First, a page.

Jeff Winston, a 43 year old journalist of modest accomplishments going through the motions of a tired marriage, dies of cardiac arrest in 1988. To his shock, he returns to consciousness in 1963 in the healthy young body of his former 25 year old self. Without knowing the reason it has happened, he comes to grips with his situation and realizes that all his adult experience, wisdom and awareness of events to come remain intact. <BR/><BR/>With advance knowledge of the outcome of sports events and the growth of companies such as Apple and Sony, Jeff finds it simple, through strategic gambling and investments, to amass a fortune and become one of the wealthiest men in the world. After attempts to "re-meet" his wife fail, Winston opts for a life of sexual decadence with someone he meets in a Las Vegas casino. Despite the high life he now enjoys, Jeff recalls the pain of his "death" by heart attack and is careful to maintain the highest standards of cardiac health. But, like the events around which he accumulated his wealth, Jeff discovers that his death in 1988 is also unavoidable and he again dies with a painful heart attack. <BR/><BR/>Awakening again in 1963, Jeff realizes he is trapped in an endless cycle of death and re-birth and that, yet another time, he is faced with the choice of how to live the next 25 years of his truncated and ever-repeating life. In his second life, he meets Pamela Phillips, an acclaimed film-maker. Because of certain anachronisms that don't fit with his knowledge of how world history unrolls in the turbulent decade of the 1960s, Jeff realizes that Phillips is also a "re-player", another person trapped in her own cycle of death and re-birth. Pamela and Jeff discover their love for one another, re-discover that love in one "replay" after another and make the best of the opportunities offered them to improve their lives and the lives of those around them! <BR/><BR/>The subjective moral of Grimwood's text in "Replay" is clear enough! Strike an appropriate balance between a hedonistic self-centered life focused on the present versus a life focused on what might be and the benefit of family, friends and the world around you. The difficulty with this balance rests with the realization that life is both tenuous and finite. We never know when the ending will arrive.<BR/><BR/>The objective message, easier to understand but perhaps equally difficult to implement in a real world setting is to twist your knickers only around those issues over which you actually have control. Nothing else is worth dwelling upon in terms of mental or physical stress and effort! <BR/><BR/>There has been debate over whether "Replay" is better labeled "sci-fi" or "fantasy". I'll opt for fantasy as Grimwood made no attempt to hypothesize a mechanism for the re-playing phenomenon. At the same time, I'm going to deduct one star from its rating for a sci-fi quibble. Grimwood chose to fix Winston's and Phillip's baseline of experiences, knowledge and history at the level of their first life. As a fan of the multi-worlds concept, I didn't see any reason to favour one world over another. As both Phillips and Winston re-played their lives in a linear fashion, there was no obvious fundamental reason to suggest that, of necessity, they would be re-born in their "first" universe. Why not their second, third or indeed a universe that they had yet to experience? <BR/><BR/>"Replay" is a heart-war

    3 out of 3 people found this review helpful.

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  • Posted February 20, 2010

    It's No Groundhog Day

    Whenever I've tried to tell people about this book they always say, "It sounds like that Bill Murray movie" which kind of annoys me because this book is so good. I loved reading it and pondering the possibilities the hero has before him each time and imagining "what if." Great book. Great story.

    2 out of 2 people found this review helpful.

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  • Anonymous

    Posted October 17, 2008

    I Also Recommend:

    THIS IS AMAZING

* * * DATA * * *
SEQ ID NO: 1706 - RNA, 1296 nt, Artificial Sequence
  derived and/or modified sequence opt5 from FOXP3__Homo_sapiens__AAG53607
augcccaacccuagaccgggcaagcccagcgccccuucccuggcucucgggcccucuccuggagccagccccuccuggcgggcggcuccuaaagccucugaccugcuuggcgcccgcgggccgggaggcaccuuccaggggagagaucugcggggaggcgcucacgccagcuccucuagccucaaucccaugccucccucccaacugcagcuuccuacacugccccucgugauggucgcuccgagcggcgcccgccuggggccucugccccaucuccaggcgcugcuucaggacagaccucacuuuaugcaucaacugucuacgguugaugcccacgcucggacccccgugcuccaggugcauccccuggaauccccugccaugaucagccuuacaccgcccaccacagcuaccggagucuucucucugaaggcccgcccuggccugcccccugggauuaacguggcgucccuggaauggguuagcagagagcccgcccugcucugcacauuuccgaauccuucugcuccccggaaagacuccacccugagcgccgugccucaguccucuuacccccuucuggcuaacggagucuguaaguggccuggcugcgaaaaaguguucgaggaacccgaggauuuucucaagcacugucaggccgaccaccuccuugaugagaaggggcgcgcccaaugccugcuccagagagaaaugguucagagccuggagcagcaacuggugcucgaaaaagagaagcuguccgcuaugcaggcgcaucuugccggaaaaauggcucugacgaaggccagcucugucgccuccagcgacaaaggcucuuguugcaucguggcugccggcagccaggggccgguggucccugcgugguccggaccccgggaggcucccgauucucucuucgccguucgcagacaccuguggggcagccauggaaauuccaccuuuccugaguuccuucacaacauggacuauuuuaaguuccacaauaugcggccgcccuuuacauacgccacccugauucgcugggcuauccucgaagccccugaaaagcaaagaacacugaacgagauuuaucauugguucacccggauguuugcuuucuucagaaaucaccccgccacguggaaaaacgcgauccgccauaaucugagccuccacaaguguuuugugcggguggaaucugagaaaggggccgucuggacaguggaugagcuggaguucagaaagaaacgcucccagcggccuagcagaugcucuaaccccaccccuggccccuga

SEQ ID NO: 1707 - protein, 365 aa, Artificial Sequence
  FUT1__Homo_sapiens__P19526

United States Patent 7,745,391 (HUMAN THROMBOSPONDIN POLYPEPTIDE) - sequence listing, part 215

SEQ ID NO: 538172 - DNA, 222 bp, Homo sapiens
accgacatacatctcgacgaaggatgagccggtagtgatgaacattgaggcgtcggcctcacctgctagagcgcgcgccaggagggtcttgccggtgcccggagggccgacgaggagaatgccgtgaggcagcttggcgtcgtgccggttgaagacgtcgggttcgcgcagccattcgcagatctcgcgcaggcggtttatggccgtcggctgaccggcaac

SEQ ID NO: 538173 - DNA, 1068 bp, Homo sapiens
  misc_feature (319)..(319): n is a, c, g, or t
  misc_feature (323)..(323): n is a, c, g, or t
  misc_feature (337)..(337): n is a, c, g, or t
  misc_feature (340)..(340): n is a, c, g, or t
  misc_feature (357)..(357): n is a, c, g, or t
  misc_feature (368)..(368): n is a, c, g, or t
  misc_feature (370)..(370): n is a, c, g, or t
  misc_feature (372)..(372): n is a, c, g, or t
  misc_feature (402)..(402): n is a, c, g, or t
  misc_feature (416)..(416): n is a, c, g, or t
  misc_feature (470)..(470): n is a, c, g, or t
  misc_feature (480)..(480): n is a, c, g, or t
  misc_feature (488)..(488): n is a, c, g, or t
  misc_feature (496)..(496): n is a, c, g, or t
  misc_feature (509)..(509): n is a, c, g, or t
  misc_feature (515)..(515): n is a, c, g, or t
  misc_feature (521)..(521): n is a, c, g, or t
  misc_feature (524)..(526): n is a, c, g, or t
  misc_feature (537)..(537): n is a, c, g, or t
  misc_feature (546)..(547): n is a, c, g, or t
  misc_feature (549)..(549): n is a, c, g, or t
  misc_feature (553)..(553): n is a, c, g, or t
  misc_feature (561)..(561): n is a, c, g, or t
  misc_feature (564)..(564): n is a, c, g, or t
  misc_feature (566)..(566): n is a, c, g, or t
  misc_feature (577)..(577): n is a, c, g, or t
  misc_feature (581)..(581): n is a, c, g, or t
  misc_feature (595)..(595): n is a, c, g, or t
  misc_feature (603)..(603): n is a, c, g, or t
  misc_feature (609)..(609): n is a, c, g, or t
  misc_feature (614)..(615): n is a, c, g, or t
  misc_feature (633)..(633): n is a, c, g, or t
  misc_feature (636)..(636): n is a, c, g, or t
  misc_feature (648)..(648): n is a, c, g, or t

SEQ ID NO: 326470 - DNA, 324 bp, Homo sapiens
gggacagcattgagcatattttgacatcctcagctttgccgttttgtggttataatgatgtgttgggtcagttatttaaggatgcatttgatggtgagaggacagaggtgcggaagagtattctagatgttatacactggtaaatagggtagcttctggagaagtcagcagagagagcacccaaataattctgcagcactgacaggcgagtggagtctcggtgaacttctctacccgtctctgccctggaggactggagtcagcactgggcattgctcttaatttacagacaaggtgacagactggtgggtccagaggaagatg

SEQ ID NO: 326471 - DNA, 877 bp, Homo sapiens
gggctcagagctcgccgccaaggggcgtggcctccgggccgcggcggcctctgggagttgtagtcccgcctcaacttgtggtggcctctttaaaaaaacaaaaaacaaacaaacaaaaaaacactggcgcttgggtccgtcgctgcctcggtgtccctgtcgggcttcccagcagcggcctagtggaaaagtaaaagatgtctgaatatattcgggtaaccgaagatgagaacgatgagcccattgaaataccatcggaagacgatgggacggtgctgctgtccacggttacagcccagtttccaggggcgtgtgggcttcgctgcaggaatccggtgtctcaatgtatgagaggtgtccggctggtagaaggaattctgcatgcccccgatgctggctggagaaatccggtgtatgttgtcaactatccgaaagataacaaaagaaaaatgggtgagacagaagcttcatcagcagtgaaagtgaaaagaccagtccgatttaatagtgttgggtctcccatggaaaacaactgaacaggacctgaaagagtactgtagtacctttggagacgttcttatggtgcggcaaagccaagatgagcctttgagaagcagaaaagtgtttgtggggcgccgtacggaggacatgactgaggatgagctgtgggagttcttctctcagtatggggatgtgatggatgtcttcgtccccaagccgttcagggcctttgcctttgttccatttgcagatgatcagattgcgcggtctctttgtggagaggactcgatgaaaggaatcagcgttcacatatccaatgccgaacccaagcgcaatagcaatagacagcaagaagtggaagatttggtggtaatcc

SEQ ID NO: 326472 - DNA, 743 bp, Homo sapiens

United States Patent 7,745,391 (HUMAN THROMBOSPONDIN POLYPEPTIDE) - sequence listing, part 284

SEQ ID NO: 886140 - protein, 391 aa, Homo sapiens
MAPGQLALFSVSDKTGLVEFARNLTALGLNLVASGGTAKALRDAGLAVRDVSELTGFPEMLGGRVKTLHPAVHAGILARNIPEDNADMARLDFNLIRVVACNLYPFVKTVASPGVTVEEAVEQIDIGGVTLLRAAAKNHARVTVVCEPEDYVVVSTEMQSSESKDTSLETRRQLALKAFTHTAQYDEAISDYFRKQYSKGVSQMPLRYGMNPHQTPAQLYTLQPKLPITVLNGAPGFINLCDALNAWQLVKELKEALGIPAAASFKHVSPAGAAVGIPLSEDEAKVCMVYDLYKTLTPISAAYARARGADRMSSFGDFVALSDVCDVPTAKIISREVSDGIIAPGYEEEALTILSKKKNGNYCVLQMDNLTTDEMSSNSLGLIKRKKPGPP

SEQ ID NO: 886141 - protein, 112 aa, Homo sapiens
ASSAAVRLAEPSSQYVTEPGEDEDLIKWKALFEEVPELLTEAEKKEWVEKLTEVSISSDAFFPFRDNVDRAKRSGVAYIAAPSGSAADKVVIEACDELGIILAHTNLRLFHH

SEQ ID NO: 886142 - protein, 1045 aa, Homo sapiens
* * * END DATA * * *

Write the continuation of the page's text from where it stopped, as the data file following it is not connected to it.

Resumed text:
Even though I knew the twists and turns of the plot, the narrative continued to hold me. I had loaned the book to a close female friend in recent years who had commented that it had a lot of sex in it (which somewhat turned her off, as it was a very male-centric view of sex), which I hadn't remembered, but which I was aware of this time through. It definitely was male-centric, as it is Winston who provides the internal awareness throughout the first half of the book, and in one of his many replays he goes through a very hedonistic phase. Now that I'm over forty, Winston's actions actually seem more realistic than when I read it in my twenties. There's a reason for the June-December romance in our culture, where women are attracted by older men for their money--Winston, in his replays, is always able to make enough quick bets on sporting events to have a sizable bank account in his youth, which enables him to attract such women earlier in his life. What is revealing here is not that Winston seeks out sex in such a way, but that Grimwood makes it a point that such a lifestyle is as hollow as his first replay, where he simply accumulated a vast amount of wealth and prestige. When Winston discovers that there is someone else in the world who is replaying like him, he seeks her out and over time they become many-lives-long soul partners because of their shared experience. <BR/><BR/>Grimwood also was somewhat prescient about the U.S., terrorism, and how the latter could easily turn the former into a fascist state, by giving us one replay where Winston and Pam actually reveal themselves to the world, only to be co-opted by the government who disbelieves in their story, but keeps them under lock and key, including torture techniques, to get them to reveal the "secrets" of the world. Even though Jeff and Pam provide details that remove certain strong-man governments from power (in the 80s, when this was written, Grimwood's target was Qaddafi in Libya), new terrorist groups form based on the covert U.S. actions, thus starting an overall change in the timeline that Jeff and Pam are unable to provide any details for because it is unlike any replay they've been through. For me, that's the profound illustration of my objection to Bush's tactics since 9/11. Rather than capitalizing on the world sentiment and sympathy for that horrible day to truly direct world opinion against such meaningless violence, Bush and his advisors instead chose the worst possible options of vengeance (in Afghanistan) and pre-emption (in Iraq; let me remind you that Hussein had no use for Al Quaedi, nor that group for him, which seems to continue to be lost in the nattering nabobs of 24-hour opinion news). The atrocities committed in the name of the U.S.'s revenge have only strengthened terrorism, undermined our legal system, and removed any sympathy the globe may have had for us. It may have even contributed to our recent economic troubles, as the continued cost of the occupation of Iraq has been an awful drain. Grimwood saw such a possibility in the 1980s. <BR/><BR/>Ever since reading REPLAY for the first time, I've said that this is the most "life-affirming" book I know of, and it remains so.